In a recent, Rhea Chakraborty vs. State of Bihar & Ors, the Supreme Court said, “...the inquiry conducted under Section 174 CrPC by the Mumbai police is limited for a definite purpose but is not an investigation of a crime under Section 157 of the CrPC.” This means, police or other investigation agencies have a mandate to carry out investigation to find out who caused the death.

At a place, where there is huge distrust between people and government, shielding custodial violence behind formality proceedings defeats the ends of justice and escalates public distrust, which isn’t healthy for any country that believes in rule of law.

In such circumstances continuing with executive probes, that have been found inadequate long back, shows lack of seriousness on the part of the government to pursue these cases on their merits. In its 152nd report, the Law Commission had said that executive magistrates undertake these investigations as formalities. Law Commission had further suggested that custodial violence should be curbed with a heavy hand to set deterrence for others, but families of victims in Kashmir still await justice.

Only in January this year, acting on a petition by a human rights activist, the Apex Court sought a response from the Centre and states for the implementation of Section 176 (1) (A) of the CrPC.

Government forces in Kashmir are time and again called out for violence against civilians. Army has recently admitted the excesses committed under Armed Forces Special Powers Act (AFSPA) during Shopian (fake?) encounter, in which three Rajouri youth were killed.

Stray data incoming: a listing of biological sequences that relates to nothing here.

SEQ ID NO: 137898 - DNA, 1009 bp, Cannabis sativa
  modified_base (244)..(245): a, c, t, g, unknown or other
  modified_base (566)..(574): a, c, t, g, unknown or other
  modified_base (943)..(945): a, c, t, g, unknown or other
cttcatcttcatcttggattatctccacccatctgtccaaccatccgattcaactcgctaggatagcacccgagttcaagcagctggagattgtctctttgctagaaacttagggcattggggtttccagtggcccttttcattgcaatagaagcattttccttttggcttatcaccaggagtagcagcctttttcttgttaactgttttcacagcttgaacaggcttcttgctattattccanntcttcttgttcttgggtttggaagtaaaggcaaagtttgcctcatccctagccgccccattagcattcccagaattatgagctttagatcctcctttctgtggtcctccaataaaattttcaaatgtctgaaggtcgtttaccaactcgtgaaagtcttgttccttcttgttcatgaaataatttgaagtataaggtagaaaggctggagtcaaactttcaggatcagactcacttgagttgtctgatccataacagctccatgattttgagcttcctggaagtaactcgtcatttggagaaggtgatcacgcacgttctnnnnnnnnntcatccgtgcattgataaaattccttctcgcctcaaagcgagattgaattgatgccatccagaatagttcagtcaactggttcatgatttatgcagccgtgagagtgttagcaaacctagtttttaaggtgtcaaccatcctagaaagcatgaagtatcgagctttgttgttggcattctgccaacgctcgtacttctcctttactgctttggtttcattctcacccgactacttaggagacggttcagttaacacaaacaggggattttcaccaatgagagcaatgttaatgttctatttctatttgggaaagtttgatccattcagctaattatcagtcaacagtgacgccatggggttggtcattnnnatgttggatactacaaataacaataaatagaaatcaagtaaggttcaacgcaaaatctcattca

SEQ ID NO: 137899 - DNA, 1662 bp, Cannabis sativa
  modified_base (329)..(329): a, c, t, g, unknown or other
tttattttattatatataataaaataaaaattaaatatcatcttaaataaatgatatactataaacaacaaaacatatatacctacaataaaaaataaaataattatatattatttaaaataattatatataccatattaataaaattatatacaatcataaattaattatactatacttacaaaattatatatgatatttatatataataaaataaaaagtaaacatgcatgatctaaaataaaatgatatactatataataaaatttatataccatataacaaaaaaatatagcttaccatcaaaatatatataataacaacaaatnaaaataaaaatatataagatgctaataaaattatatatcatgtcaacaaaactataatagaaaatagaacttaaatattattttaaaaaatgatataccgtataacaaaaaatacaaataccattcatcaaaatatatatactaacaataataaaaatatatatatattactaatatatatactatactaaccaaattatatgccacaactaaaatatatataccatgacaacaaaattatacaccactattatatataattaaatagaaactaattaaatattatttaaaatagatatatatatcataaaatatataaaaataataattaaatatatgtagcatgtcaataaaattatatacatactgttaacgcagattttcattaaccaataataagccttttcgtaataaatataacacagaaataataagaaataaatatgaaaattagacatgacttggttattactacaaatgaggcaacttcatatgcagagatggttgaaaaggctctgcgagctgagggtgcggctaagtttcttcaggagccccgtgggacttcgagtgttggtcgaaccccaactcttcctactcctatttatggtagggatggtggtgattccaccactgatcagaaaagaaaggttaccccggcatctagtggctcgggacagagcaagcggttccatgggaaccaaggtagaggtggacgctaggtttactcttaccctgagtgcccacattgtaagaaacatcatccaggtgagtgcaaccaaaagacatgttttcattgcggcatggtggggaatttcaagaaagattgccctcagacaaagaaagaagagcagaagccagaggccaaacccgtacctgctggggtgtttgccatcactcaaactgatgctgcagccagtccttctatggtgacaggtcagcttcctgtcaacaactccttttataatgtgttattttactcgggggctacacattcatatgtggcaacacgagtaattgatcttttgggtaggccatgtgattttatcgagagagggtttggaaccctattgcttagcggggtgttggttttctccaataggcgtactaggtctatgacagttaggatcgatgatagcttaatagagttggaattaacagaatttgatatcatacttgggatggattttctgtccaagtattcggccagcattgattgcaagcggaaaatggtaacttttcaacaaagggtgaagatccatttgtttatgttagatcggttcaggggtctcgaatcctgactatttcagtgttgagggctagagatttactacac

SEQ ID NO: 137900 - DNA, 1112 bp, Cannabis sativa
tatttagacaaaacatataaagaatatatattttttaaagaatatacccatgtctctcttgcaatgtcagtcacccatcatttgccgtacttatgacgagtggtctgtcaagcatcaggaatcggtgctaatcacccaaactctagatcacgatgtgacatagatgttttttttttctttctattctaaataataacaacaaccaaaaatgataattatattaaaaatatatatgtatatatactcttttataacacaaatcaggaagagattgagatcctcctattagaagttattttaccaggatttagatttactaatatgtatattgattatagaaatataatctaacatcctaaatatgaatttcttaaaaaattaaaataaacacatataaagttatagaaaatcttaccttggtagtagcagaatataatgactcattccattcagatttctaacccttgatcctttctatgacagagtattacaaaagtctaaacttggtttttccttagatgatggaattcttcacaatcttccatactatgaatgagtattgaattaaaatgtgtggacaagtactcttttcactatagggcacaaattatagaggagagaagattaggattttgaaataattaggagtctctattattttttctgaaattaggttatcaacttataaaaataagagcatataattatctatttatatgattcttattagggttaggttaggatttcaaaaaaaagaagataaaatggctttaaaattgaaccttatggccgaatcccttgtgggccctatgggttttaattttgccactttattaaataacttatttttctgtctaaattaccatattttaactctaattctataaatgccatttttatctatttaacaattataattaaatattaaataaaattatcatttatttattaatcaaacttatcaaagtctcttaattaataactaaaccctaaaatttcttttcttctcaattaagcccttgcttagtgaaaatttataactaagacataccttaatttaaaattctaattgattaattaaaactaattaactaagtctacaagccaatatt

The time consumed by formality-probes although momentarily saves the government facing criticism over a given situation but in the long run it promotes much-abhorred extrajudicial violence against poor civilians and deepens the roots of Police Raj.

Therefore, it is imperative that inquiries are not resorted to for face-saving and to escape the gravity of the moment. Inquiries must be unbiased and independent to the point of common man’s satisfaction.

The Supreme Court has time and again given paramount importance to common man’s trust. In the recent Rhea Chakraborty case, the court held, “...When integrity and credibility of the investigation is discernible, the trust, faith and confidence of the common man in the judicial process will resonate. When truth meets sunshine, justice will not prevail on the living alone but afterlife’s fitful fever, now the departed will also sleep well... To ensure public confidence in the investigation and to do complete justice in the matter, this Court considers it appropriate to invoke the powers conferred by Article 142 of the Constitution... the CBI is directed to investigate the new case as well.”

The CrPC amendment was brought not to be flouted but to curb the growing incidents of custodial violence against defenceless inmates. Relentless deliberations from legal luminaries, civil societies and activists had prodded the government to amend CrPC and bring special provision for custodial deaths. Keeping 176(1)(A) dormant and continuing with the executive inquiries into custodial deaths only defeats the mandate of law and encourages perpetrators.

— The author is a lawyer and tweets at @Aasifwani8